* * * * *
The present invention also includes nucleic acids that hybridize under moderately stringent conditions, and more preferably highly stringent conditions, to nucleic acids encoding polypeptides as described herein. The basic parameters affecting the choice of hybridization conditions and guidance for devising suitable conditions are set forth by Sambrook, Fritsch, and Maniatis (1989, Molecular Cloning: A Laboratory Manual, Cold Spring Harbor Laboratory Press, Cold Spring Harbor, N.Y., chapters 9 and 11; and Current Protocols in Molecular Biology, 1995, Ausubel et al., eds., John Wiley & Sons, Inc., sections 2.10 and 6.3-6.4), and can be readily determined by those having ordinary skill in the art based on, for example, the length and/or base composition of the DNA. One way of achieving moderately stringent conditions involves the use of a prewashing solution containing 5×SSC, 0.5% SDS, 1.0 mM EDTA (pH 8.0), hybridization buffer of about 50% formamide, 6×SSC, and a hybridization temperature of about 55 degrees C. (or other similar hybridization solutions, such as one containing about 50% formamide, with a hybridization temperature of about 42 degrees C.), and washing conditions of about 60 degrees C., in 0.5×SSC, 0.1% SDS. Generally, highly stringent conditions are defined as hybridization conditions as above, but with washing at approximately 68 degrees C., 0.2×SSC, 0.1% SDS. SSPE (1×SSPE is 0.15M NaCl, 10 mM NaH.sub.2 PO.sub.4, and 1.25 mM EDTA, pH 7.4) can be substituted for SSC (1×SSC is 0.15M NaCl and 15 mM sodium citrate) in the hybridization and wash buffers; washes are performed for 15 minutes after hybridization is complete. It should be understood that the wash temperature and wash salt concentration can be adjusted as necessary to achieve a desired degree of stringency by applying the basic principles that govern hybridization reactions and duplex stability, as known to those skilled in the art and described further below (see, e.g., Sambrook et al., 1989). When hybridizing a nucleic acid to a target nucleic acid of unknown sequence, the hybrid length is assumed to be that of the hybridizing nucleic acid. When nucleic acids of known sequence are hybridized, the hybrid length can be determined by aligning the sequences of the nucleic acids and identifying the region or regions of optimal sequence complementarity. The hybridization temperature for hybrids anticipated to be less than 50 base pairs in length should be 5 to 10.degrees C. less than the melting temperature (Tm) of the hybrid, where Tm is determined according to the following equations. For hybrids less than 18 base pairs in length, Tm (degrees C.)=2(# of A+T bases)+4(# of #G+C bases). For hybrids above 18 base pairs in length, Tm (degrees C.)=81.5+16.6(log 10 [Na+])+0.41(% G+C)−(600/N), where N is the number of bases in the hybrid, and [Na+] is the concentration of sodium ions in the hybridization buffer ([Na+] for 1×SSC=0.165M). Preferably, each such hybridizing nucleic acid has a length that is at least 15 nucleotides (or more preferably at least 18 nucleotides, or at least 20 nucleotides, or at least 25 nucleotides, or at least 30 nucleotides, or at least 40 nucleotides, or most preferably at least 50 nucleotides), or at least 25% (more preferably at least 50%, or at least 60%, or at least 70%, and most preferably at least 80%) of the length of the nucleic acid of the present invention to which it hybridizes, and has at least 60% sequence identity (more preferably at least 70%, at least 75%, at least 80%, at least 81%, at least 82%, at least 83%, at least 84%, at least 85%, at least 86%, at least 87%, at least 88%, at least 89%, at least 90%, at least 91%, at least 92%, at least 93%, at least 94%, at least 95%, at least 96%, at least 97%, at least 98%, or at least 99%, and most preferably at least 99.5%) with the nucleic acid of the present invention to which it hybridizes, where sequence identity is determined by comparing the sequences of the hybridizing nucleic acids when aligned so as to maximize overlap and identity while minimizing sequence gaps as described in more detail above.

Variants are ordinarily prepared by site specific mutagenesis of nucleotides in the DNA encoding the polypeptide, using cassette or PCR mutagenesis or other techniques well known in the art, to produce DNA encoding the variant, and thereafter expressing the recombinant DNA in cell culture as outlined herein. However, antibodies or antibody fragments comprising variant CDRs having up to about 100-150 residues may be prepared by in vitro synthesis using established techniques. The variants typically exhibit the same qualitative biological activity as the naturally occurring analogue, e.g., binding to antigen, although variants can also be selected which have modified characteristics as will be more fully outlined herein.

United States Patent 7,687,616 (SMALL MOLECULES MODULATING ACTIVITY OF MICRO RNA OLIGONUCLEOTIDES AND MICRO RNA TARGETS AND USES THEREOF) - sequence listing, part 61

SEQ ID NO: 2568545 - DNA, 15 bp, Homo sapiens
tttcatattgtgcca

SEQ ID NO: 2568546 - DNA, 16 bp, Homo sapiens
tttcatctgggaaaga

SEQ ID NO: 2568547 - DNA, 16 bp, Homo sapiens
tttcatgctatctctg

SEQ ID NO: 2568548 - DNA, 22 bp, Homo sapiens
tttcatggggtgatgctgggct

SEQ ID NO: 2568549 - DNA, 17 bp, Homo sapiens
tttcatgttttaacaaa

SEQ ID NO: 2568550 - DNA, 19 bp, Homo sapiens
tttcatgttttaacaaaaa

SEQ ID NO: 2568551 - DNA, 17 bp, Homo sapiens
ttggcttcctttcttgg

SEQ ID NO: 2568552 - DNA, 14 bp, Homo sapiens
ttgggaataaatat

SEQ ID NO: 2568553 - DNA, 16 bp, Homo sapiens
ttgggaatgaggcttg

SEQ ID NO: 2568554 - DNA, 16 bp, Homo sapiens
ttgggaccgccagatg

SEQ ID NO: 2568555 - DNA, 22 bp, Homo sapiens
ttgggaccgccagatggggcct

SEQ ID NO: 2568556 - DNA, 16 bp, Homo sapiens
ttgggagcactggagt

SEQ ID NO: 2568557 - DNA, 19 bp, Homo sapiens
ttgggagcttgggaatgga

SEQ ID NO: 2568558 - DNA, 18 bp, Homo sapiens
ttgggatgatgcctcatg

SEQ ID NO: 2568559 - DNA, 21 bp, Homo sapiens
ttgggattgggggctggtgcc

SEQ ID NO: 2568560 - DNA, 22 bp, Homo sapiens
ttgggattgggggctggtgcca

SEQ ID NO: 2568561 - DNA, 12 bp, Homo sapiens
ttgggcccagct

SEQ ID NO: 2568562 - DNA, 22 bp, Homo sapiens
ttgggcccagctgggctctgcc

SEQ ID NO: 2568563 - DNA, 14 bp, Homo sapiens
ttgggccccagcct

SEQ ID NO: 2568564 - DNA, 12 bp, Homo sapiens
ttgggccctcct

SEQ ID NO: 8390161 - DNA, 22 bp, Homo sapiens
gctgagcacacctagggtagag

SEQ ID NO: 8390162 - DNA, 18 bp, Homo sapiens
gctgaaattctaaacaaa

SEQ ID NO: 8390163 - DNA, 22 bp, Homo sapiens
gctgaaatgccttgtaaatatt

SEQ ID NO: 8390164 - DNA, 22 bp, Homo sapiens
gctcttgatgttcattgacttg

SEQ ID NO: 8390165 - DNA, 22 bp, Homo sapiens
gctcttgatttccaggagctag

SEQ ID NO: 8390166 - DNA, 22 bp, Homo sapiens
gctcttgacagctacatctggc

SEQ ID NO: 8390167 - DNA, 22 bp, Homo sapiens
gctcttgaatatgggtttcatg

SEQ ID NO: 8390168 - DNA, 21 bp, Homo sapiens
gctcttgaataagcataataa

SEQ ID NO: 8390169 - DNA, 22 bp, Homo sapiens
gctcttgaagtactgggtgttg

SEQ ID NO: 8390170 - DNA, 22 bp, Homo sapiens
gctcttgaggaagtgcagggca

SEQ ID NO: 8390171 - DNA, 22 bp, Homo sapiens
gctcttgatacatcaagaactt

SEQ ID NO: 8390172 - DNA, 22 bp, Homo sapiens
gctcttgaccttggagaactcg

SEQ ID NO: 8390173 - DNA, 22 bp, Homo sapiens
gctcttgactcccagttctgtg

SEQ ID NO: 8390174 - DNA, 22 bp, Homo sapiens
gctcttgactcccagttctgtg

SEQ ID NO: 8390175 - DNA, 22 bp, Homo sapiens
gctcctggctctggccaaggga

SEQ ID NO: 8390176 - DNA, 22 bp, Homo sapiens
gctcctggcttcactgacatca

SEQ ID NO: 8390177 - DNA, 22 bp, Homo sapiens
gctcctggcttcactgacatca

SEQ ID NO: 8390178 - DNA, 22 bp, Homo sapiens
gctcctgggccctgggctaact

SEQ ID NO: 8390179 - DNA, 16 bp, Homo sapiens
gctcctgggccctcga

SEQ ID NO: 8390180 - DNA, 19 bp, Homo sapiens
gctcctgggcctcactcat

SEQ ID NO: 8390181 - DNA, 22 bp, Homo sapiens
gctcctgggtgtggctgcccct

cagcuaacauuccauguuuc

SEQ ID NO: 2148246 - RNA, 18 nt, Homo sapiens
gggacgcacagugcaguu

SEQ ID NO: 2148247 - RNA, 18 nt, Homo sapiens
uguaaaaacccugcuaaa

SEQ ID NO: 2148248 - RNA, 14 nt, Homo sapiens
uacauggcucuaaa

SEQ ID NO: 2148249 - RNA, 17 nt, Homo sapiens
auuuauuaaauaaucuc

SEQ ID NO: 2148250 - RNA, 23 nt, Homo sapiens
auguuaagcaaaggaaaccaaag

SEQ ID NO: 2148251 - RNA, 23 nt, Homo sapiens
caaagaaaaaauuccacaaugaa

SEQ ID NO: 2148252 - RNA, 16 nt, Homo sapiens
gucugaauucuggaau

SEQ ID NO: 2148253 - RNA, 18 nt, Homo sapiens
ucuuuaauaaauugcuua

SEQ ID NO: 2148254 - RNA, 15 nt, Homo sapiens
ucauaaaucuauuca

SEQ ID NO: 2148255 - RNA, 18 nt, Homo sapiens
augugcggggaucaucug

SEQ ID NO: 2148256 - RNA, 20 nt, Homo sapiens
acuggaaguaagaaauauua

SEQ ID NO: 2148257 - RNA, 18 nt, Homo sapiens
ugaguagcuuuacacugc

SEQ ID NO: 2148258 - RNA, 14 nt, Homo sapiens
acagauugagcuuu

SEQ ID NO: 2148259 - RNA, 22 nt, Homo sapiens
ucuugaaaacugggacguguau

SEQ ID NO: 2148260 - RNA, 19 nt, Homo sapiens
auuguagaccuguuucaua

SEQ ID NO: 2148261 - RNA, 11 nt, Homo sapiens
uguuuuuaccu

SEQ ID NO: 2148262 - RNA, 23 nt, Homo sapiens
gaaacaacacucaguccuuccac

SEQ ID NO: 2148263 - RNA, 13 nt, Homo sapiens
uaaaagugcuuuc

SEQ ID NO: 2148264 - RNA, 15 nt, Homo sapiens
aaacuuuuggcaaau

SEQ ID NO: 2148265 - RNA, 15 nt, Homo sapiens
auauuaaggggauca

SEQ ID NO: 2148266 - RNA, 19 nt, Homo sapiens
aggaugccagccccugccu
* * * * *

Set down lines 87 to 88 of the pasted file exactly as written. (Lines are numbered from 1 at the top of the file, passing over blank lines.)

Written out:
SEQ ID NO: 2148246 - RNA, 18 nt, Homo sapiens
gggacgcacagugcaguu